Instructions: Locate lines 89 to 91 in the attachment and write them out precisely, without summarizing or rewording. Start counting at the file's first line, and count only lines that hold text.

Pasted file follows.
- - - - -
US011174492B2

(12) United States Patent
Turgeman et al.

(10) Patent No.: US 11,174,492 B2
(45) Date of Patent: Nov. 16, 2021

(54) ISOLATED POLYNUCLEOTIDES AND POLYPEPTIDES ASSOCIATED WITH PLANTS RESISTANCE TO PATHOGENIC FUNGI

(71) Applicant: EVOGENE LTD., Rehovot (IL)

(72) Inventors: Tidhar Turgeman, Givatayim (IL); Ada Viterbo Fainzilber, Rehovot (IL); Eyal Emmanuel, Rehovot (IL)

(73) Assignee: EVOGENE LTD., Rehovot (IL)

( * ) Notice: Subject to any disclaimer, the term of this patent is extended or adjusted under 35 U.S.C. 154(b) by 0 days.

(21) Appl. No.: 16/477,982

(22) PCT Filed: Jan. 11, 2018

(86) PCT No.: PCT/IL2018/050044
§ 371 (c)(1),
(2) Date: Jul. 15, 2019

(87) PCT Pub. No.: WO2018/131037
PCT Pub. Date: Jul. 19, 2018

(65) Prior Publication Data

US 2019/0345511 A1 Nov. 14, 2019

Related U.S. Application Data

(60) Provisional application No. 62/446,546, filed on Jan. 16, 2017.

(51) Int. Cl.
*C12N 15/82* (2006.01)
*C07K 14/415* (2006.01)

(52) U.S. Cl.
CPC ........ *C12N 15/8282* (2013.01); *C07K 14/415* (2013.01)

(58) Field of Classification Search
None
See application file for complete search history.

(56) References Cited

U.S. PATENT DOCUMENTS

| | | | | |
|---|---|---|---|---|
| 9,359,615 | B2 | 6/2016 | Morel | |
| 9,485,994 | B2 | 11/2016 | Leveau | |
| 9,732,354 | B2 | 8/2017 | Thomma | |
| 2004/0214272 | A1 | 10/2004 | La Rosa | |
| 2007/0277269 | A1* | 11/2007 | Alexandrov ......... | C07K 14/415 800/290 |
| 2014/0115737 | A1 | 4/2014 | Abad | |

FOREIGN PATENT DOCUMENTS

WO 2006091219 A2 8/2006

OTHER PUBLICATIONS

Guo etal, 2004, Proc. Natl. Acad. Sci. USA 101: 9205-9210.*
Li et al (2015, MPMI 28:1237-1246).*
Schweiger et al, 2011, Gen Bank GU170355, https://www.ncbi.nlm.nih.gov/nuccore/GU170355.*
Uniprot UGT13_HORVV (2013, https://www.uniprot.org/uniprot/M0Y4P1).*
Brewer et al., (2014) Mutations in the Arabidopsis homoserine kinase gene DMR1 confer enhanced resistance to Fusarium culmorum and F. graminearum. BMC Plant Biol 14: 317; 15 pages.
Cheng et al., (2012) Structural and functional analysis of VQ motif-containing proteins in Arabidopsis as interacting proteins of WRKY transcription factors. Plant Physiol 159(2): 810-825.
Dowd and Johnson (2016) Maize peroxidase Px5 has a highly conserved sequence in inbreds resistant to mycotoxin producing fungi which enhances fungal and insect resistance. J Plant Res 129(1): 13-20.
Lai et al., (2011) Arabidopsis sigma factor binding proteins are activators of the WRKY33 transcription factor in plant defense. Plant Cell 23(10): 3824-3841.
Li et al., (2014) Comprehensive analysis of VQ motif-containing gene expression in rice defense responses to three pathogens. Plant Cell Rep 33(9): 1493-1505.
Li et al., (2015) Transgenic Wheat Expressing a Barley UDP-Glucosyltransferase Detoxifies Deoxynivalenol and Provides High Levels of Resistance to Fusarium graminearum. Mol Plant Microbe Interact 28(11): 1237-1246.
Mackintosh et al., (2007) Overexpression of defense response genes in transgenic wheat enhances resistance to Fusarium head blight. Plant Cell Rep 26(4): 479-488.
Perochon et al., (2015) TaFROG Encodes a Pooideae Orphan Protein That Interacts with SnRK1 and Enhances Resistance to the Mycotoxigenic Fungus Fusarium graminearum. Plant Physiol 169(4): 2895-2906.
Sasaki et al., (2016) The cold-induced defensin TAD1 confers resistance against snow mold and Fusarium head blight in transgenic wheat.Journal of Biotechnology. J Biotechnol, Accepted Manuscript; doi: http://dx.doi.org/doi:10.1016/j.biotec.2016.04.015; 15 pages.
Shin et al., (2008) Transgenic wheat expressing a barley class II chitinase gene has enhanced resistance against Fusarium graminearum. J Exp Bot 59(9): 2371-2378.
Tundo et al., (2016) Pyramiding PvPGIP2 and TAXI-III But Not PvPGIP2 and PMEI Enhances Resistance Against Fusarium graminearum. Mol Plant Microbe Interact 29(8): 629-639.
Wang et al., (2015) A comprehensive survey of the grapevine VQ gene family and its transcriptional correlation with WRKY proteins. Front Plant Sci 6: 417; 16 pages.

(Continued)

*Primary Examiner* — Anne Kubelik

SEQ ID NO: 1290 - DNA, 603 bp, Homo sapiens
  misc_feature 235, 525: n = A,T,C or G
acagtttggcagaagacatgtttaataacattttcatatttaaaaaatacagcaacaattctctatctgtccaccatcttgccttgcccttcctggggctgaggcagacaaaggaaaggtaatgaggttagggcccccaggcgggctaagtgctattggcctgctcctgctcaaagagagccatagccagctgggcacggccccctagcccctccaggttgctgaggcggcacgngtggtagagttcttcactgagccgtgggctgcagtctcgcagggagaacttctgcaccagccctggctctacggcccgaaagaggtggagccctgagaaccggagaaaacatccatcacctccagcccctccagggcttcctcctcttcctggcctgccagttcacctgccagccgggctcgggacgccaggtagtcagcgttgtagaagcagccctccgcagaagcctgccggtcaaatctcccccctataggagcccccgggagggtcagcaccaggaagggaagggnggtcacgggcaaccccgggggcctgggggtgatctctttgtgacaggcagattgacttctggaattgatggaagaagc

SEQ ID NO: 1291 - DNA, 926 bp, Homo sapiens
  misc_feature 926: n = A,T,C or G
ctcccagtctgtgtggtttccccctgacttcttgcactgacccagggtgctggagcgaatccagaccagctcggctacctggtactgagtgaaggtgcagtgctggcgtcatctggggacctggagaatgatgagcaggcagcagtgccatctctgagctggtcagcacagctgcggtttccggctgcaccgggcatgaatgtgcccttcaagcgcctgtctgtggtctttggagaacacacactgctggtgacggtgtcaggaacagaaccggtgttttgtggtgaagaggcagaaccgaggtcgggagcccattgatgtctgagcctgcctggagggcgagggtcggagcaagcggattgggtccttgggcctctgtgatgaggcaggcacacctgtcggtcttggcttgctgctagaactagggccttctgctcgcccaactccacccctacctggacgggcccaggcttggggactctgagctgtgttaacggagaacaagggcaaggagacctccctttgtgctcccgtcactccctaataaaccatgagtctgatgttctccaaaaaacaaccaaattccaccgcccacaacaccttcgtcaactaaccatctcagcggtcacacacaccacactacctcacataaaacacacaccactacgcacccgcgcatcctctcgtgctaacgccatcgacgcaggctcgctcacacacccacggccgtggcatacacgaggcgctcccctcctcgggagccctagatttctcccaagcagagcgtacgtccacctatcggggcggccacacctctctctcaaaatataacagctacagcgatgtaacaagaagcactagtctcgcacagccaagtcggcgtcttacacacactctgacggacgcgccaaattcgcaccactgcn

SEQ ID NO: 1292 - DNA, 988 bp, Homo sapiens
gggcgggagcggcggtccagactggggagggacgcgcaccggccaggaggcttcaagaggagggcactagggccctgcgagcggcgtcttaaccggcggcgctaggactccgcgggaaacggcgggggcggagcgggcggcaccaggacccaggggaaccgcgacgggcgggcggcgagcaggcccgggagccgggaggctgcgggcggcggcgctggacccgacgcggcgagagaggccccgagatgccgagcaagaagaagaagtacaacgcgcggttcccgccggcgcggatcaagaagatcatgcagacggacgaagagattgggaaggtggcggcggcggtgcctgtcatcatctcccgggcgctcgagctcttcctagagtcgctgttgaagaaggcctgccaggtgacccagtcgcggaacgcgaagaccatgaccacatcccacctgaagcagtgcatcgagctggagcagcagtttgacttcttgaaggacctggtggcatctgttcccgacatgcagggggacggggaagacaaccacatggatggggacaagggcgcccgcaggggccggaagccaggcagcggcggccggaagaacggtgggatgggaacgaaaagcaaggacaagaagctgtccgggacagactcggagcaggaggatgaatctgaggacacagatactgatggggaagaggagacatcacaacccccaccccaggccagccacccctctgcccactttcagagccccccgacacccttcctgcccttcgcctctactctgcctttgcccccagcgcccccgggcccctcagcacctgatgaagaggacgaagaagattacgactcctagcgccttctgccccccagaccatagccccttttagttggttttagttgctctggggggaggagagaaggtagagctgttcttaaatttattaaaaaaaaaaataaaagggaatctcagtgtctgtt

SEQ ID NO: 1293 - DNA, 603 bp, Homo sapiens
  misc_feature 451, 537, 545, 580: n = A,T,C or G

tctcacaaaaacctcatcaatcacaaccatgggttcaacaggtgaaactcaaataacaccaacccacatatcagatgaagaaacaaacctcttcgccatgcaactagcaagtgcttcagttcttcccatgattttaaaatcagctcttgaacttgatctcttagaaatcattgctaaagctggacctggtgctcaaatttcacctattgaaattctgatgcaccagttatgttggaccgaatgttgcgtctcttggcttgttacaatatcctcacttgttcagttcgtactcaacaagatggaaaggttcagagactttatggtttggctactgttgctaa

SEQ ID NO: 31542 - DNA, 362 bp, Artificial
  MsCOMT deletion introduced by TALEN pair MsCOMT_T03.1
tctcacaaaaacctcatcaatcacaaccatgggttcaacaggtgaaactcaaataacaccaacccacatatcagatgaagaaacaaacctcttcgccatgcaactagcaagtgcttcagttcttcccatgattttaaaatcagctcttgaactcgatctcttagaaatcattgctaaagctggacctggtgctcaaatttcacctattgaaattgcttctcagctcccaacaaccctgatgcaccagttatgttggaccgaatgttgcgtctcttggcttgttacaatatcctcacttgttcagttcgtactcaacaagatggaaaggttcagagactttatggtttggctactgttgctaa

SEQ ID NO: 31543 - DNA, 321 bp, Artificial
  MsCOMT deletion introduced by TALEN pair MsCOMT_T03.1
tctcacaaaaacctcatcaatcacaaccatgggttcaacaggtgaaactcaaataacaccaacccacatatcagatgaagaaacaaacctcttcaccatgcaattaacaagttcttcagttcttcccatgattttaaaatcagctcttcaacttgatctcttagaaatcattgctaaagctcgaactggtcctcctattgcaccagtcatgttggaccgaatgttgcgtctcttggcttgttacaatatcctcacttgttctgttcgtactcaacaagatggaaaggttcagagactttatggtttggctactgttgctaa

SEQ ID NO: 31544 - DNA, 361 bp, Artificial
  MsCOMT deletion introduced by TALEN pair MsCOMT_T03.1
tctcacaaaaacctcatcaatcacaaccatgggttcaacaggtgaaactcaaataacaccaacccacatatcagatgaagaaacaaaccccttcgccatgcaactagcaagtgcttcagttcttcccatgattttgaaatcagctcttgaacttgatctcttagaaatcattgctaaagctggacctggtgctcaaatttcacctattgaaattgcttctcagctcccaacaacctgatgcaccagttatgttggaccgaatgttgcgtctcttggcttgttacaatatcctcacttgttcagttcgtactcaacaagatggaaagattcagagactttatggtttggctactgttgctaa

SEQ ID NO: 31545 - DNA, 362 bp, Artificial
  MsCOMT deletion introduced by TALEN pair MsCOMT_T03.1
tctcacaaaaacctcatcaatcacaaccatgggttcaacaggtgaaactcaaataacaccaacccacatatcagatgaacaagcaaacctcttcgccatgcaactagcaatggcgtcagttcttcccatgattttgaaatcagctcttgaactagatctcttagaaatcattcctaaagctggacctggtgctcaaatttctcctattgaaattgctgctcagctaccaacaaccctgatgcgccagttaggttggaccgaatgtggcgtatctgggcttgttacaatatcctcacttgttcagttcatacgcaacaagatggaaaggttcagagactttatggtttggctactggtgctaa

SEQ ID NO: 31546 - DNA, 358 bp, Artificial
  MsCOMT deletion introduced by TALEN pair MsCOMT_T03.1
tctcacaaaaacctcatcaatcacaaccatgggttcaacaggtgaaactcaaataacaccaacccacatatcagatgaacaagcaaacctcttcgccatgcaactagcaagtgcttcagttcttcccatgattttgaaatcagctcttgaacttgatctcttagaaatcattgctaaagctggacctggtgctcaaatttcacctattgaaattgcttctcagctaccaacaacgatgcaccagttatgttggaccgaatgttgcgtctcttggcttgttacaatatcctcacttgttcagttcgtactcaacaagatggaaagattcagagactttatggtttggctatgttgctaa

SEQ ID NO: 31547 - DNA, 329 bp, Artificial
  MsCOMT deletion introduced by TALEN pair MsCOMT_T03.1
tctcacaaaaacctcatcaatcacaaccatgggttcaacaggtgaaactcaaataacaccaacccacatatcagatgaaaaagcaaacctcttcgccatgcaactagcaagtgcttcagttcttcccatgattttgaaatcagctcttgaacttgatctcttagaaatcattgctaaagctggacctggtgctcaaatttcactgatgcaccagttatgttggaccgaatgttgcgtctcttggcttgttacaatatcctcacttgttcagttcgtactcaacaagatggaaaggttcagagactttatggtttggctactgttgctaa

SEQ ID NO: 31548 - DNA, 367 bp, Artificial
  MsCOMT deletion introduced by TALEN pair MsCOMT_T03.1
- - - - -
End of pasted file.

tctcacaaaaacctcatcaatcacaaccatgggttcaacaggtgaaactcaaataacaccaacccacatatcagatgaaaaagcaaacctcttcgccatgcaactagcaagtgcttcagttcttcccatgattttgaaatcagctcttgaacttgatctcttagaaatcattgctaaagctggacctggtgctcaaatttcactgatgcaccagttatgttggaccgaatgttgcgtctcttggcttgttacaatatcctcacttgttcagttcgtactcaacaagatggaaaggttcagagactttatggtttggctactgttgctaa

SEQ ID NO: 31548 - DNA, 367 bp, Artificial
  MsCOMT deletion introduced by TALEN pair MsCOMT_T03.1